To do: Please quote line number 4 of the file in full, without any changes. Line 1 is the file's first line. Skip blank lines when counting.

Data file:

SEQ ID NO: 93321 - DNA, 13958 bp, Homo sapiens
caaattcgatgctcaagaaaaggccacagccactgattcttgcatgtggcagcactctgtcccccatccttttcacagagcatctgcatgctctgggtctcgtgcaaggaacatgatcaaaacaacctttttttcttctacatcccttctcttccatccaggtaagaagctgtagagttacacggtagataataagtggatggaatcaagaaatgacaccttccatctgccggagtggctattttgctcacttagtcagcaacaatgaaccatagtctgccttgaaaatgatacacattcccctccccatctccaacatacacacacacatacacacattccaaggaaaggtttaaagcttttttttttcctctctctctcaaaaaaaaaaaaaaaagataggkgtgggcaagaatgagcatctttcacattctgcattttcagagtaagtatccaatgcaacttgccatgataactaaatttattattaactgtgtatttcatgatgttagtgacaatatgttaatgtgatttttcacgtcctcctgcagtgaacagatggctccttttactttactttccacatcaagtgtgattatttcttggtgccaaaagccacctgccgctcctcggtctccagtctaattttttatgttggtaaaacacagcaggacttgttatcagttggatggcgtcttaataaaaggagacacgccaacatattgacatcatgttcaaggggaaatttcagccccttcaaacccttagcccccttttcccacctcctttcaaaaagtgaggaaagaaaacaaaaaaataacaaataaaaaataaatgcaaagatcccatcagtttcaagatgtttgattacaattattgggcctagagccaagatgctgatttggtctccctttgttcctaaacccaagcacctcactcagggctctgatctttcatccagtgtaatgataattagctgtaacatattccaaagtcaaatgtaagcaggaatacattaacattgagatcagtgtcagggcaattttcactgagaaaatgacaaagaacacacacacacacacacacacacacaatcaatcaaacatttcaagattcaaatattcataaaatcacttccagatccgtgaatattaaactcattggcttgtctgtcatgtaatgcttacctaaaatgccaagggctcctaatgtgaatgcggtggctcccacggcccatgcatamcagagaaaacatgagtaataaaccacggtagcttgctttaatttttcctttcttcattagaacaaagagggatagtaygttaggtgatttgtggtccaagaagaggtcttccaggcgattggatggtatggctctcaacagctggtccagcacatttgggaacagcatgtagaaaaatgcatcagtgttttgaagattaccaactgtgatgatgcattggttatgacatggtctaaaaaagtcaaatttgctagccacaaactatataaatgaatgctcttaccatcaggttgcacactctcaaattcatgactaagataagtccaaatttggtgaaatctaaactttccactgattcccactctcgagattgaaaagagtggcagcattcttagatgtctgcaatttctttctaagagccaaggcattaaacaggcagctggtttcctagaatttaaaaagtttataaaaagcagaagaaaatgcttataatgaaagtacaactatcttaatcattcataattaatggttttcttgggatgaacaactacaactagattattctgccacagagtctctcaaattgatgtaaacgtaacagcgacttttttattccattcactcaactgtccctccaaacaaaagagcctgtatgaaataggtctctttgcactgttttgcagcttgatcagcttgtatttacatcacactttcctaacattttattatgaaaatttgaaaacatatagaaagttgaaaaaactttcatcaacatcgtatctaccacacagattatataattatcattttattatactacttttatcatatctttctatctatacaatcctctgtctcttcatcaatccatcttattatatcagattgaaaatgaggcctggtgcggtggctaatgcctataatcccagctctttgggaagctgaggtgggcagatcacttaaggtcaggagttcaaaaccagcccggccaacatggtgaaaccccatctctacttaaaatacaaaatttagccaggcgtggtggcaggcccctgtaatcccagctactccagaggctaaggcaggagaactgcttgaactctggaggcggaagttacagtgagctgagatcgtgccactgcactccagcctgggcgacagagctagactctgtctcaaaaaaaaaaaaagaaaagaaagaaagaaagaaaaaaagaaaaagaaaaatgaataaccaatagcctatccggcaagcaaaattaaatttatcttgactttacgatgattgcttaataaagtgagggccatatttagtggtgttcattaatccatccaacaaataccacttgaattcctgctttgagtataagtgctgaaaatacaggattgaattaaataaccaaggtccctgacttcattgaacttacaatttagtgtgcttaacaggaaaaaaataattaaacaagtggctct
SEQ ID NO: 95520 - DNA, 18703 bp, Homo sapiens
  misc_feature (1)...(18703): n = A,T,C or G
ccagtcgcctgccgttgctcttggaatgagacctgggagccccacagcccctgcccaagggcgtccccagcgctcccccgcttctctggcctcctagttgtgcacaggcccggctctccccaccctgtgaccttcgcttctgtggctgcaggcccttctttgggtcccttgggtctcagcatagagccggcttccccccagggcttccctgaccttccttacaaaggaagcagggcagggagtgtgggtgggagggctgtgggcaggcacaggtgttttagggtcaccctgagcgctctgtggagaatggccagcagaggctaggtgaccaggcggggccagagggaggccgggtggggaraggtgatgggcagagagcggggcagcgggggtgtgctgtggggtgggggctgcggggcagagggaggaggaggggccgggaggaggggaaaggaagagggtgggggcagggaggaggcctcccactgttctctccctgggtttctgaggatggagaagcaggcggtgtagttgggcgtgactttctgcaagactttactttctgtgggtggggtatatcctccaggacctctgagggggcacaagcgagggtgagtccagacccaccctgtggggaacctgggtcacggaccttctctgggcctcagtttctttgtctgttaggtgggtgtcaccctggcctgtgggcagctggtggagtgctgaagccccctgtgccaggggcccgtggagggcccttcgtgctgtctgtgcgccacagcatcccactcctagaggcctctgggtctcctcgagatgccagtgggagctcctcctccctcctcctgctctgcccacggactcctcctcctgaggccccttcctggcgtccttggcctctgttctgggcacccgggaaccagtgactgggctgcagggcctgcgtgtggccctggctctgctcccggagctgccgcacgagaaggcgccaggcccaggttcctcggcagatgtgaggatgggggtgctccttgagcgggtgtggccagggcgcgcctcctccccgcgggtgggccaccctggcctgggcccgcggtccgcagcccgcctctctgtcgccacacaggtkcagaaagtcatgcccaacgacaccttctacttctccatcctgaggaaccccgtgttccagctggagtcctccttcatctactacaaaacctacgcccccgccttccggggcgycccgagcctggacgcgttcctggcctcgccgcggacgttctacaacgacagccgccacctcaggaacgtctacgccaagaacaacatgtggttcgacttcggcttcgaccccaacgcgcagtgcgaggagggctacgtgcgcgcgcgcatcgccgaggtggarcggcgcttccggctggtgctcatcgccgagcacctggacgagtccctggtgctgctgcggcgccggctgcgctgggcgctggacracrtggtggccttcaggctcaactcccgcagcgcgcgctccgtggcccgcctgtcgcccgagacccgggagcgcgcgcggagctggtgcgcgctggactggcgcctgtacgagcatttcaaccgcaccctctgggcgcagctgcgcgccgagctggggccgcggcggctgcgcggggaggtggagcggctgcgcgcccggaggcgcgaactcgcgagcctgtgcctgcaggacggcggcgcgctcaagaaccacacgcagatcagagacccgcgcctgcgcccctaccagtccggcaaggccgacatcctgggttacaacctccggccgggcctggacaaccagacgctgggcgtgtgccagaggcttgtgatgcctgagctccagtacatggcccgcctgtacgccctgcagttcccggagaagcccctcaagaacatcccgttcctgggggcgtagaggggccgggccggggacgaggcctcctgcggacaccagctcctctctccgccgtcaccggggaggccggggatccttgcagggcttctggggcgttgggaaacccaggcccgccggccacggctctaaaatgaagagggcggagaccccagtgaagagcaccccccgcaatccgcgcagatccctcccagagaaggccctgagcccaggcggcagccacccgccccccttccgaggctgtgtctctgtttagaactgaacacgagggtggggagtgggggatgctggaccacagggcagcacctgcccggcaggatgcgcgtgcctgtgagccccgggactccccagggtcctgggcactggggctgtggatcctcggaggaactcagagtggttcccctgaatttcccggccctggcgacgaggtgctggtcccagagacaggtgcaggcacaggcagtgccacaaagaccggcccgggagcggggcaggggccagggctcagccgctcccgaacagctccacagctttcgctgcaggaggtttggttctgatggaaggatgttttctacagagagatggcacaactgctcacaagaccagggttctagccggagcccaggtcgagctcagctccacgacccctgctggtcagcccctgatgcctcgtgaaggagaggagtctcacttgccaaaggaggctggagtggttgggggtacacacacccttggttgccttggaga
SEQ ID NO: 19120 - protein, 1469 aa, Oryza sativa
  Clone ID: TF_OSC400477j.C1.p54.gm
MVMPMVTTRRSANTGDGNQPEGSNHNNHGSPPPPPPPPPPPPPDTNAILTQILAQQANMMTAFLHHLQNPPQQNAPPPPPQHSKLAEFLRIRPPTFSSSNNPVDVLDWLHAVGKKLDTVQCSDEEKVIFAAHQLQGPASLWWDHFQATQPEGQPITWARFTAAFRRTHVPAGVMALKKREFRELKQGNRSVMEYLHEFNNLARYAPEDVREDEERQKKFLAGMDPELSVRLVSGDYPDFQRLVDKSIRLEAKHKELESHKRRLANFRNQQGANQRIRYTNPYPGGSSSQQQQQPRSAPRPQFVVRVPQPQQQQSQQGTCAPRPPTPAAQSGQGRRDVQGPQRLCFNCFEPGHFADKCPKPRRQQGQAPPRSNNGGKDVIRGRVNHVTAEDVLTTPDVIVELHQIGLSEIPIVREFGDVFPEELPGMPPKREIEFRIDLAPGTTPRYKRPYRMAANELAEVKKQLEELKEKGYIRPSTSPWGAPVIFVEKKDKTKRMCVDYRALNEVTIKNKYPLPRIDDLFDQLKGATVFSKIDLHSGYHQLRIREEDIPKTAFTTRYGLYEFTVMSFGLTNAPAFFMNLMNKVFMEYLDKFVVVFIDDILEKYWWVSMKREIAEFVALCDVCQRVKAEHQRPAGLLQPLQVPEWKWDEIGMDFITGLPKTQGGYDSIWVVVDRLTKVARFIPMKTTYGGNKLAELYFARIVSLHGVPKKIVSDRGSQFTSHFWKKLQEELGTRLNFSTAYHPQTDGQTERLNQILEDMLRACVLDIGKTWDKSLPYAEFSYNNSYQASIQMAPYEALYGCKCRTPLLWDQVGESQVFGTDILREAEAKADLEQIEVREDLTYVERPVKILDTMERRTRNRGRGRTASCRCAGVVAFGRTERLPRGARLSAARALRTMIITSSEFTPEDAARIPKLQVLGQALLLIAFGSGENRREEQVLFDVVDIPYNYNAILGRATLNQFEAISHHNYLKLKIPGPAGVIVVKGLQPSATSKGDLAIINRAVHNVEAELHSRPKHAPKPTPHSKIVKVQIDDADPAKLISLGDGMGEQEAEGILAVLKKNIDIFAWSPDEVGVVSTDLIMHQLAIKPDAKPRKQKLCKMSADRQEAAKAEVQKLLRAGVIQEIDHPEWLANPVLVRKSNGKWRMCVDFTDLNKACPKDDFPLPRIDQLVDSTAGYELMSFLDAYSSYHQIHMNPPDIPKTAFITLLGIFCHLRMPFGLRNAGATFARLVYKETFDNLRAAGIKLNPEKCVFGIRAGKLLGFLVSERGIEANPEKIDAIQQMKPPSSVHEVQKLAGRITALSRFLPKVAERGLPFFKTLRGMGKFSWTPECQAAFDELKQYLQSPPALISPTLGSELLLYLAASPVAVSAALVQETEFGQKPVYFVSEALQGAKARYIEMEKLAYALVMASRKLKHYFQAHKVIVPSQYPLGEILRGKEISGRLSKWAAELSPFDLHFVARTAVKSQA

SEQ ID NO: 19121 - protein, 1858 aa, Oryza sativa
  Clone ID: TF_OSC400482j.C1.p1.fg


  misc_feature (1)...(18703): n = A,T,C or G